A New York bill banning insurers from requiring a certain method or vendor be used to obtain collision repair parts — which would, for example, kill State…
U.S. Sen. Richard Blumenthal, D-Conn., who recently made headlines for urging the Department of Justice to investigate auto insurer collision repair practices, is planning to raise the topic at a media event Saturday, his office said.
The event will be held at Wallingford, Conn.-based A&R Body Specialty and Collision Works, which is owned by Auto Body Association of Connecticut President Tony Ferraiolo.
It is scheduled for 1 p.m. Saturday.
Blumenthals letter calls for investigations into the use of aftermarket and recycled parts by insurers, the alleged practice of “steering” policyholders to certain shops, and whether the 1963 Consent Decree between the government and insurers still applies — particularly as it relates to complaints auto shops have today about insurers.
“Consumers and auto repairers possibly remain victims of the very same misconduct insurers were directed to stop doing decades ago,” wrote Blumenthal, who was recently featured in the controversial “Anderson Cooper 360″ report challenging insurers for allegedly mandating shoddy parts to save money.
He sought a similar investigation in 2009 when he was the attorney general of Connecticut. The Department of Justice has not returned a request for comment on Blumenthal’s 2015 letter.
An effort by former Auto Body Association of America President Lou Baffa to get the Justice Department to review the decree resulted in the government finding no antitrust issues, according to a 2000 piece published in BodyShop Business and commissioned by the Committee for the Consent Decree.
“I sent Joel Klein a package of documents referencing the 1963 Consent Decree and reams of evidence of its flaunting by the insurance industry,” Baffa was quoted in the BodyShop Business piece. “After several months during which they reviewed the information I sent them, I received a short letter from the Justice Department. They told me they saw no antitrust violations.”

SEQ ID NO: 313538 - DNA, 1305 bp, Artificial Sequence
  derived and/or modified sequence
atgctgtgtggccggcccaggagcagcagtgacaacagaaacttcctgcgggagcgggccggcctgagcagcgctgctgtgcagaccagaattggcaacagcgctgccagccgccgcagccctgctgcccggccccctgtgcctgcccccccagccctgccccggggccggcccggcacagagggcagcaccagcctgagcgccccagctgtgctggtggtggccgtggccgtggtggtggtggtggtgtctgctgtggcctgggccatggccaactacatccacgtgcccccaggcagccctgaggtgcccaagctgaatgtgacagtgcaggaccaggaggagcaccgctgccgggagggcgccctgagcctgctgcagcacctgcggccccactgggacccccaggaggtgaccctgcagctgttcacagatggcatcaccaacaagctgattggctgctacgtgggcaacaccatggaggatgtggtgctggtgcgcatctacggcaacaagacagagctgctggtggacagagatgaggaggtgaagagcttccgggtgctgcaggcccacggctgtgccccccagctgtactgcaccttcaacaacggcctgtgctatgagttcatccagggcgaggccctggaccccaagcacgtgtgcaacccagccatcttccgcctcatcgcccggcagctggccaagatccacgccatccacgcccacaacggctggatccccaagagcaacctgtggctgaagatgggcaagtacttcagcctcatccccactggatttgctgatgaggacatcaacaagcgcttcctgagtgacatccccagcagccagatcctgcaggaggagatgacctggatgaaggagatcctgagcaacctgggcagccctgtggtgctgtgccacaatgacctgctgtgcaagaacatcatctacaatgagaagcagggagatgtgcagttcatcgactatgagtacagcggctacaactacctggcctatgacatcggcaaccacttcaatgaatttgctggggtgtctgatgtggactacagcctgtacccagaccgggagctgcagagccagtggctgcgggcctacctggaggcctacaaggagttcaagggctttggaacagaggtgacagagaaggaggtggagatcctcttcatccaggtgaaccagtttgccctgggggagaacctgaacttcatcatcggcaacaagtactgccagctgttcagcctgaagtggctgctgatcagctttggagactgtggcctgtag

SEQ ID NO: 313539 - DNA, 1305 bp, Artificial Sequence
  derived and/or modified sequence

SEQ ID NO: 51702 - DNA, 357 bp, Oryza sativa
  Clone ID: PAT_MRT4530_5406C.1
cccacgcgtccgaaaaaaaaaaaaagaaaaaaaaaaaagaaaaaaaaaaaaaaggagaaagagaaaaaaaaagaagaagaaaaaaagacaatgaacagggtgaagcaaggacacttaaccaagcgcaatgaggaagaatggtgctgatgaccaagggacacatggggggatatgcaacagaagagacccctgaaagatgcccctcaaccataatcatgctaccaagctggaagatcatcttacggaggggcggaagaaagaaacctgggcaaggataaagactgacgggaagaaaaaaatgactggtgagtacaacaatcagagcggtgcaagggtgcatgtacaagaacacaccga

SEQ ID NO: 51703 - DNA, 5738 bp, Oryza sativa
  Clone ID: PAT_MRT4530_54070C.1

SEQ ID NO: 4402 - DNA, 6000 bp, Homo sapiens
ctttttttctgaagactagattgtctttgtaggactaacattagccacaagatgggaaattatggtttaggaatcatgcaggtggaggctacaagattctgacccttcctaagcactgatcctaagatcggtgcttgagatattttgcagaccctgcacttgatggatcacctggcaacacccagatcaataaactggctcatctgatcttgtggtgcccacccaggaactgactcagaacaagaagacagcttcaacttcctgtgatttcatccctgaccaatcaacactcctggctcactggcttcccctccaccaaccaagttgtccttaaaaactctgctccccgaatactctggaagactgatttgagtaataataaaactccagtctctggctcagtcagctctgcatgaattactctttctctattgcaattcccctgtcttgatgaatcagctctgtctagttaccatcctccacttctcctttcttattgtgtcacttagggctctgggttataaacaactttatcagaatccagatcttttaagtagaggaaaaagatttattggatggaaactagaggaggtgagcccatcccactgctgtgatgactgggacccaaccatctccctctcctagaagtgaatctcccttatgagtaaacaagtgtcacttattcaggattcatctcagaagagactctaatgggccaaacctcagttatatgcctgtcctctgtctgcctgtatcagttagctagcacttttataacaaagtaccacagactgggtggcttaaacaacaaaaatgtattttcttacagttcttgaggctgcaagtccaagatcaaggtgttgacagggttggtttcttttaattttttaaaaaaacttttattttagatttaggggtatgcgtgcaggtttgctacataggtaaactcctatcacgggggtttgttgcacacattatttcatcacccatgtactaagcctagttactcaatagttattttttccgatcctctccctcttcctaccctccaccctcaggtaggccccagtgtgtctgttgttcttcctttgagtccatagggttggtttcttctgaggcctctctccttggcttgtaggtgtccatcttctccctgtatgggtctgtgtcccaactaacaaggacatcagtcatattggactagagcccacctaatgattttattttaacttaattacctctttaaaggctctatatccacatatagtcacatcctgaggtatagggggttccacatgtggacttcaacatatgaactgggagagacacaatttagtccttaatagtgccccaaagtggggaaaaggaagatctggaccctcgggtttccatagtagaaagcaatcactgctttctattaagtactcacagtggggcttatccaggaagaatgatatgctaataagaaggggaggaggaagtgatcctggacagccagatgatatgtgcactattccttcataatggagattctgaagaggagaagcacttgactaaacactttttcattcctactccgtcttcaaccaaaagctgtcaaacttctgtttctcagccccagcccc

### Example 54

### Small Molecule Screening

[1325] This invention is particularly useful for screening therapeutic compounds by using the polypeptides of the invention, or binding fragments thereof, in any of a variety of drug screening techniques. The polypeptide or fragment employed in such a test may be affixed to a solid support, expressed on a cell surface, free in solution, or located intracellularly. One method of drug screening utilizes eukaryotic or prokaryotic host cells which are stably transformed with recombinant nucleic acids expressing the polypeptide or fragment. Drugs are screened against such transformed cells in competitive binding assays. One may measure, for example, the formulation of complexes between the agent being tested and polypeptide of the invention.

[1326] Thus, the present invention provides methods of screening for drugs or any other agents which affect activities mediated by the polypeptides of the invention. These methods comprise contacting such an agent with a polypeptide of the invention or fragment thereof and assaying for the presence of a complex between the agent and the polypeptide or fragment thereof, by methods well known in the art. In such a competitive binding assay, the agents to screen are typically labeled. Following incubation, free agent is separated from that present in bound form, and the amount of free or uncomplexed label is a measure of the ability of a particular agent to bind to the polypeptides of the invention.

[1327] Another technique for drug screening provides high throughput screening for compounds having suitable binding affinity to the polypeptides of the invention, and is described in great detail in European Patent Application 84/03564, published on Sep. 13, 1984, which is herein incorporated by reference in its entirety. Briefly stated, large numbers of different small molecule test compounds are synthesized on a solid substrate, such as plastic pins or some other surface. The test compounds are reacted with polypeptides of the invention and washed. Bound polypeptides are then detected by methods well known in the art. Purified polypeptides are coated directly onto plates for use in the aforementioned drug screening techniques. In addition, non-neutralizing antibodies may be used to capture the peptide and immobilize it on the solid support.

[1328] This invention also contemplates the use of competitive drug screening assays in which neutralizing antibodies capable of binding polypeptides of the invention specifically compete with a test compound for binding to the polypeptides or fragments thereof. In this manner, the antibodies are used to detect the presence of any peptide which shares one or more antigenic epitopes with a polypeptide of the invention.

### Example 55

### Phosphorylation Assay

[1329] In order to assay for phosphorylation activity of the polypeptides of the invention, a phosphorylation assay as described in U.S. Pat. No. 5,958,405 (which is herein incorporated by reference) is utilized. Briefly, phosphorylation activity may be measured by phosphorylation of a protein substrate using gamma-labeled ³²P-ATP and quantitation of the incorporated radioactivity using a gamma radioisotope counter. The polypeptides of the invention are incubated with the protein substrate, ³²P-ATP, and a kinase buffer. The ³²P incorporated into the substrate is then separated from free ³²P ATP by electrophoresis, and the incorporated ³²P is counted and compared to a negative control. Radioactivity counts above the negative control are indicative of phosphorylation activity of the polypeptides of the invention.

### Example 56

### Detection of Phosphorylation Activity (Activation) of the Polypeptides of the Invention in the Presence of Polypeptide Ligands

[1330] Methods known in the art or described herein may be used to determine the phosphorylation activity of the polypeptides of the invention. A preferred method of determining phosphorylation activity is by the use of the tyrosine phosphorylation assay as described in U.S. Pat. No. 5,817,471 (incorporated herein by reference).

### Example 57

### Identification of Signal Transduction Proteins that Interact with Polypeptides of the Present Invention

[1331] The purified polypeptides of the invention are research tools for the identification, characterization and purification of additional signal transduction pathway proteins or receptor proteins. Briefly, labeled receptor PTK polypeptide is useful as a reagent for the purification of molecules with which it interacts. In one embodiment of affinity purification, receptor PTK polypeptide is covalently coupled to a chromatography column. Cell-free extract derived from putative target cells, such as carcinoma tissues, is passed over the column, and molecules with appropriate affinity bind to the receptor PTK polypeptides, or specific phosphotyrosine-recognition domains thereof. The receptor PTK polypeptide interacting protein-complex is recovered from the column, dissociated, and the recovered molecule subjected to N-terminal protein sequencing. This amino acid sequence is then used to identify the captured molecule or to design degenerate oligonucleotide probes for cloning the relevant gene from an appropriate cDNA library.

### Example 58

The Consent Decree argument suffered a hit in an earlier ruling in the A&E v. 21st Century case, when Middle District of Florida Judge Gregory Presnell wrote:
“In the Amended Complaint, the Plaintiffs repeatedly refer to a consent decree entered in a 1963 suit between the United States on one side and three insurance trade associations on the other. (Doc. 167-5). Although some of the practices at issue in the consent decree are alleged to have occurred in the instant case, none of the parties in this case were parties to the 1963 case, and the Court does not find the 1963 consent decree to have any relevance to the instant case.”
However, the body shops suing insurers in that case were given the chance to refile a new complaint, and their new version from earlier this month further connects the dots between modern insurers to those in 1963.
It points out this time that “The clear terms of the Decree apply to and are binding upon ‘each defendant and upon its officers, directors, agents, servants, employees, committees, successors and assigns, and upon all other persons in active concert or participation with any defendant who shall have received actual notice of this Final Judgment by personal service or otherwise.’
“Many of the named Defendants are members of the contemporary associations which are still bound by the Consent Decree’s terms.”
The agreement was between the Association of Casualty and Surety Companies, American Mutual Insurance Alliance and the National Association of Mutual Casualty Companies.
The plaintiffs in A&E observed that the Association of Casualty and Surety Companies was absorbed into the present-day American Insurance Association in a 1964 merger. The American Mutual Insurance Alliance became the Alliance of American Insurers in 1977, which then merged into what is now the Property Casualty Insurers Association of America.
“All but a few” of the defendants in the Florida case are part of these groups, the body shops wrote — though powerhouse State Farm is notably absent in the subsequent examples given of defendants who ought to have known about the case.
(And quite frankly, collision repair media have been writing about the decree and presumably putting it back on insurers’ radar since at least that 2000 piece referenced above.)
“As such, it can only be said that Defendants were fully aware their actions, plans, programs, and combinations and/or conspiracy to effectuate the same have been willful, intentional and conducted with complete and reckless disregard for the rights of the Plaintiffs,” the body shops wrote in their new A&E complaint.